Marilynne Robinson Archive
The house is often used as a symbol of security in literature, and a ruined home can speak to what a given writer thinks we need protection from. Both the threats to security, and the emotional impact of a literary ruin shift with the writer and her cultural moment.
Anyone who is a writer is also a researcher. Stories sprung from one’s imagination are not exempt from these duties. Fiction writers frequently write about a time and place they know—think Conrad and the Congo in The Heart of Darkness or Harper Lee and the rural South. Similarly, writers
Recently, an interview that Barack Obama gave in 1995—which was republished in The New Yorker just before the Presidential Inauguration in 2009—made the rounds on social media again.
Marilynne Robinson’s Gilead became my favorite novel a decade ago. I read the first half the book in Iowa City and the second half the book in Wichita, Kansas, which undoubtedly brought the narrator’s prairie landscape to life. I lived the book in solitude, existing with Reverend John Ames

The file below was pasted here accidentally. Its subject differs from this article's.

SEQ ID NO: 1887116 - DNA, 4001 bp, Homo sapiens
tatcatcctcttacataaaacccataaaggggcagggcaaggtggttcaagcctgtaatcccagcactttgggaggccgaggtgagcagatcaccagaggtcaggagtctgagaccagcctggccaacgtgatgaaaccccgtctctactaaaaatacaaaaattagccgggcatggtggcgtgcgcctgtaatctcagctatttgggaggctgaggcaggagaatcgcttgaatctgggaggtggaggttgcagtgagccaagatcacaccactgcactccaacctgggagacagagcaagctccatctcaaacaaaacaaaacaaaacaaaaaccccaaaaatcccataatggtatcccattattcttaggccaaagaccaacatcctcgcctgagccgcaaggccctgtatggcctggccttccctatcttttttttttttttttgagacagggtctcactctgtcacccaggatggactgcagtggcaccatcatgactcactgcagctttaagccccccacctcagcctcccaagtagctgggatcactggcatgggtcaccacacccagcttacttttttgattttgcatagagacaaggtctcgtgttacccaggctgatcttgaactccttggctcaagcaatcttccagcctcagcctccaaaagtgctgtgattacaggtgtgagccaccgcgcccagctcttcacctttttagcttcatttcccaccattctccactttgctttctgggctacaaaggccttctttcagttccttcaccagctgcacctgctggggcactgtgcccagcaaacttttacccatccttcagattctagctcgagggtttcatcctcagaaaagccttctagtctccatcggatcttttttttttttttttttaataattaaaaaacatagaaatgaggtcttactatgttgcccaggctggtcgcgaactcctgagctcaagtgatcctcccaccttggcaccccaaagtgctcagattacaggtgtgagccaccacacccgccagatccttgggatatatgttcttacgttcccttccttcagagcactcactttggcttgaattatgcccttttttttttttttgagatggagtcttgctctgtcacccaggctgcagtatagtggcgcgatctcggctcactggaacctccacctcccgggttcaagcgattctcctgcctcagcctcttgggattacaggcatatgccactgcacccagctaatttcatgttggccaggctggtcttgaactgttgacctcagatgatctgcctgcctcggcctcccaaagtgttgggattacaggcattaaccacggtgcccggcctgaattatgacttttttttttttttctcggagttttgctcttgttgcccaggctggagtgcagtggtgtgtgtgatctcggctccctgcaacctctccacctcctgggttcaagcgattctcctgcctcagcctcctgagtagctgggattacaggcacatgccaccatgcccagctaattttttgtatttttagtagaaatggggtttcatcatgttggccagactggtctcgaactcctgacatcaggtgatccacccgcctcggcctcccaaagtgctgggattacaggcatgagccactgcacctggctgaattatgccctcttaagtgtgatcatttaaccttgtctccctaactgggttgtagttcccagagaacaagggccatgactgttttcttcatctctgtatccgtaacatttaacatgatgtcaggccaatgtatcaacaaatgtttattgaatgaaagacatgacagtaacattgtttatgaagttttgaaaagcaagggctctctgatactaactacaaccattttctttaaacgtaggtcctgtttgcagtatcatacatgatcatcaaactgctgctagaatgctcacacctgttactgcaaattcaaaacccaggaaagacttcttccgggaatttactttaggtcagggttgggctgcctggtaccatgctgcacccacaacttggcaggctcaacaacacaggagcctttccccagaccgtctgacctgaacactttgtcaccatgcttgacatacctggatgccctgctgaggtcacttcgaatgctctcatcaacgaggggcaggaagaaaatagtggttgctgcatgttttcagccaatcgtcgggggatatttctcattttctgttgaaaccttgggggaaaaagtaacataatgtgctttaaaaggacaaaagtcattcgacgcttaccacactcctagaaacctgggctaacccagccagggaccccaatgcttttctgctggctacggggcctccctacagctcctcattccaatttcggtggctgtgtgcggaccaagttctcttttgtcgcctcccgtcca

Literary Enemies: Flannery O’Connor vs. Marilynne Robinson Disclaimer: Marilynne Robinson has no enemies. I hope you’ve never compared Marilynne Robinson to Flannery O’Connor, but I can see how you might have been tempted. There’s Iowa, first of all, and if it weren’t a proper noun I would have capitalized
About a year ago I was invited to participate on a panel of writers to talk about how being a Midwesterner fits into my life as a writer. It was a tough question. I was raised in Illinois, but had just finished a five-year stint in Texas and was
Last week I brought my eleven-month-old baby girl to the Family Center, a small, slightly hippy-ish gathering place for kids and parents. My wife and I had been there briefly the week before to check it out, but this would be our daughter’s first time there to play and